New Standards for ICC bars
The National Highway Traffic Safety Administration (NHTSA) has published new standards requiring rear impact guards (ICC bars) on new trailers to meet size location and performance criteria, and to be certified at the time of manufacture.
While the new standards are effective for trailers built after January, 1998, many trailer manufacturers have already changed their designs, and about 1/4 of semi trailers on the road today have newer style,stronger rear impact guards. Although the primary purpose of the new standards is to reduce the chance of death or serious injury if an automobile collides with the rear end of a trailer, conforming rear impact guards also provide distinct safety advantages for loading dock operations equipped with vehicle restraints.
1. STRONGER REAR IMPACT GUARDS
Trailers will be less likely to be able to separate from the dock even if the truck driver ignores communication signals and attempts to pull out when a vehicle restraint is engaged. Damage to rear impact guards is much less likely. Preliminary survey results indicate the new rear impact guards to be five to ten times less susceptible to damage than typical “old” designs. If damage does occur, the Federal Highway Vehicle Administration is likely to require repair of the guards,ensuring their continued strength and integrity in protecting against unscheduled departure.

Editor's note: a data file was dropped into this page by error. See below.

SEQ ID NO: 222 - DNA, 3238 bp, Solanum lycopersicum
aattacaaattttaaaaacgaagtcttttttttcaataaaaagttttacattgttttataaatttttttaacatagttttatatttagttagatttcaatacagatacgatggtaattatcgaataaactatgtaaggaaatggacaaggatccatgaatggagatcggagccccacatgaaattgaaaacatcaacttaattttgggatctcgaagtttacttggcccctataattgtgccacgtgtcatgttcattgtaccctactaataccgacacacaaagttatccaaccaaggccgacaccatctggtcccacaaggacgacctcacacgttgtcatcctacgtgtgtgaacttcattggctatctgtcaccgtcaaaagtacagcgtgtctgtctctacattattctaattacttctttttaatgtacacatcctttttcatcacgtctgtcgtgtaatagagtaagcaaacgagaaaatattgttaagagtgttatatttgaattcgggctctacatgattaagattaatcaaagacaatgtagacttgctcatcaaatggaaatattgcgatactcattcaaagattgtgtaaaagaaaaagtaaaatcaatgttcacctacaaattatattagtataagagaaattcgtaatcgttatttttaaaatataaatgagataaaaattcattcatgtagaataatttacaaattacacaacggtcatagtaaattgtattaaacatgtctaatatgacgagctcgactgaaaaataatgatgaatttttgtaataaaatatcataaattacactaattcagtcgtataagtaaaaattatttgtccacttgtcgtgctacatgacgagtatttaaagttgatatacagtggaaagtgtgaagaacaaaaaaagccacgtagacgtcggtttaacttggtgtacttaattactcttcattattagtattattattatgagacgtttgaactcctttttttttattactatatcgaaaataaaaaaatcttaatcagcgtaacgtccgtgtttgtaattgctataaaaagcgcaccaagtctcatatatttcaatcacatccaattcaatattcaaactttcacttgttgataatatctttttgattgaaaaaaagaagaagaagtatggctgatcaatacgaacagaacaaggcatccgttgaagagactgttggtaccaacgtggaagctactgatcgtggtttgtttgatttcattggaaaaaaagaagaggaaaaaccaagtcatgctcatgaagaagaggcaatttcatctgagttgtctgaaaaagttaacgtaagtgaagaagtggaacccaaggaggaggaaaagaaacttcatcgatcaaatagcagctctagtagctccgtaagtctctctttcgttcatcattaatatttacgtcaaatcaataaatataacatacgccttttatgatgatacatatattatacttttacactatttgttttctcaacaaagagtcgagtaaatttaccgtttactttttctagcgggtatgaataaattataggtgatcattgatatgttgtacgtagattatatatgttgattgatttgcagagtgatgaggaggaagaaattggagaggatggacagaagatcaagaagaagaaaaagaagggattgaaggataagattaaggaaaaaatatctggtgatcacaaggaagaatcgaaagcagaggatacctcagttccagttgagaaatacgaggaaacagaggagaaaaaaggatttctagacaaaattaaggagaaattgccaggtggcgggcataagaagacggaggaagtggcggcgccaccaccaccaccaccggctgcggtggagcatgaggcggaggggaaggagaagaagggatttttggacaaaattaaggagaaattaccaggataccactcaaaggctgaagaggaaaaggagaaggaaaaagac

2. MORE UNIFORM SIZE AND LOCATION OF REAR IMPACT GUARDS
Fewer “odd-ball” rear impact guard designs will reduce the incidence of difficult or ineffective trailer restraint engagement. Percentage of restrainable over-the-road trailers is likely to increase over the historic 95-98% rate.
These guidelines mean trailer restraints will be more effective at your loading dock.
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